Year-End Tax Planning Tips For 2023

As the year draws to a close, engaging in some year-end organizational tasks can have the dual benefits of reducing your taxable income and optimizing charitable deductions, while also mitigating exposure to future taxes.


Lowering Taxable Income

As the year concludes, it’s an opportune moment to assess available avenues that can be leveraged to retain more of your earnings. Here are strategies to consider:

  1. Tax-Loss Harvesting: Offset gains by selling depreciated securities that no longer align with your strategy, have limited growth prospects, or can be replaced with similar investments.
  2. Contributions to Tax-Advantaged Accounts: Review and maximize contributions to accounts like 401(k), 403(b), or health savings accounts to potentially decrease taxable income for the current year and bolster assets for future retirement and medical expenses.


Maximizing Charitable Deductions

Giving is rewarding, and there are ways to make it tax-efficient. Here are strategies based on existing laws:

  1. Bunching Charitable Contributions: Consider making multiple years’ worth of contributions in one year to itemize deductions, as opposed to spreading them over several years.
  2. Donating Appreciated Assets: If itemizing deductions, donating assets held for over a year to a qualified charity can yield a deduction for the asset’s fair market value without incurring capital gains.
  3. Cash Contributions: For itemizers, remember that up to 60% of your adjusted gross income (AGI) can be deducted for cash contributions to qualified charities in 2023.


Reducing Exposure to Future Taxes

Year-end planning extends beyond immediate concerns. Consider these actions to prepare for future tax implications:

  1. Lifetime Estate and Gift Tax Exemption: Take advantage of the substantial inflation-adjusted increase in the lifetime estate and gift tax exemption for 2023, providing an additional opportunity to move assets out of your estate.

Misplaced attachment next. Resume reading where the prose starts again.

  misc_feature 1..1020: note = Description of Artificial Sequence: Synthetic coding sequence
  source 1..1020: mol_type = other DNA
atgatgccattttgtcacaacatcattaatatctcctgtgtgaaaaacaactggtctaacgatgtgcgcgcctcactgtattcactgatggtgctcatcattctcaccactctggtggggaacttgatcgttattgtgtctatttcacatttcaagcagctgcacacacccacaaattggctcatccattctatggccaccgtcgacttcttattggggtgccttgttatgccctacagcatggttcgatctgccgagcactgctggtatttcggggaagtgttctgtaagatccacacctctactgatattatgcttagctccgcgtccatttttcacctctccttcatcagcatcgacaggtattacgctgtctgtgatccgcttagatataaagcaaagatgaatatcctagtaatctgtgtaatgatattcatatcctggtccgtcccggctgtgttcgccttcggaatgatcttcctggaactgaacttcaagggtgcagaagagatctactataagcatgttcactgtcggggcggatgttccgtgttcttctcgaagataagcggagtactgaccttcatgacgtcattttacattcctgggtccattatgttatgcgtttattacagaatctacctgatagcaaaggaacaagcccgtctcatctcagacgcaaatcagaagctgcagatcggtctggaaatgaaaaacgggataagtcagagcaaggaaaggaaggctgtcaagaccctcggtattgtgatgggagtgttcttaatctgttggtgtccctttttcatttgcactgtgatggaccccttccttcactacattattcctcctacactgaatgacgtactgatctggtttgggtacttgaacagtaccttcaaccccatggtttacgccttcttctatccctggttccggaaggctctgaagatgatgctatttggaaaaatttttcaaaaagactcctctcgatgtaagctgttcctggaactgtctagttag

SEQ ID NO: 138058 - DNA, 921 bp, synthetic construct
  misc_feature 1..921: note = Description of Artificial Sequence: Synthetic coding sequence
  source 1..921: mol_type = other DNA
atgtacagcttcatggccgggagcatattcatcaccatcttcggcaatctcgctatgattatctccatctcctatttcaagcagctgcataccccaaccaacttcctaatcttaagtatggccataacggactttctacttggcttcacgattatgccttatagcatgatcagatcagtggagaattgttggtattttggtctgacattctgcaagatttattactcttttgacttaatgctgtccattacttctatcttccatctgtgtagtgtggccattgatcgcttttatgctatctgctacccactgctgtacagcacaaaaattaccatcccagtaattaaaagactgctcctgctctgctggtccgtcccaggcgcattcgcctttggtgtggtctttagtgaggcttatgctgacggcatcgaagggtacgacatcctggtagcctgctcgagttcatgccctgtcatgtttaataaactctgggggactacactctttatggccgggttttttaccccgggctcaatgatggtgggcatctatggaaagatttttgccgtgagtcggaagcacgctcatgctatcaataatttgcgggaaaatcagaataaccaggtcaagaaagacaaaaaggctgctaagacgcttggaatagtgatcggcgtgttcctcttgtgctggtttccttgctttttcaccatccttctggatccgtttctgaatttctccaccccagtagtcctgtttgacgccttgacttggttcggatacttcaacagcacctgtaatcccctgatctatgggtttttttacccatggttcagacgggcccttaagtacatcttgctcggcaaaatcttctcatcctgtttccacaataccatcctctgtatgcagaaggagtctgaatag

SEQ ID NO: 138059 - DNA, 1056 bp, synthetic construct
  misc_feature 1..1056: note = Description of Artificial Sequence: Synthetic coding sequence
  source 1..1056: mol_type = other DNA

2. Annual Exclusion Gifts: Gift up to $17,000 to multiple beneficiaries to reduce your estate’s value without utilizing your lifetime gift and estate tax exemption.
  3. Qualified Charitable Distributions: Individuals aged 70½ or older can make direct transfers from their IRA to eligible charities, potentially reducing current or future required minimum distributions.
  4. IRA or 401(k) Distributions: Consider taking distributions, particularly if your income is relatively low this year, anticipating potential future tax rate increases.
  5. Roth IRA Conversions: Evaluate the benefits of converting to a Roth IRA before 2026, when income tax rates may revert to 2017 levels.


Maintain a long-term perspective and consult with a tax advisor to determine the best approach for your specific situation. Understanding the possibilities enables the creation of flexible plans aligned with your long-term goals and objectives.






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Securities offered through Parkland Securities, LLC, member FINRA/SIPC.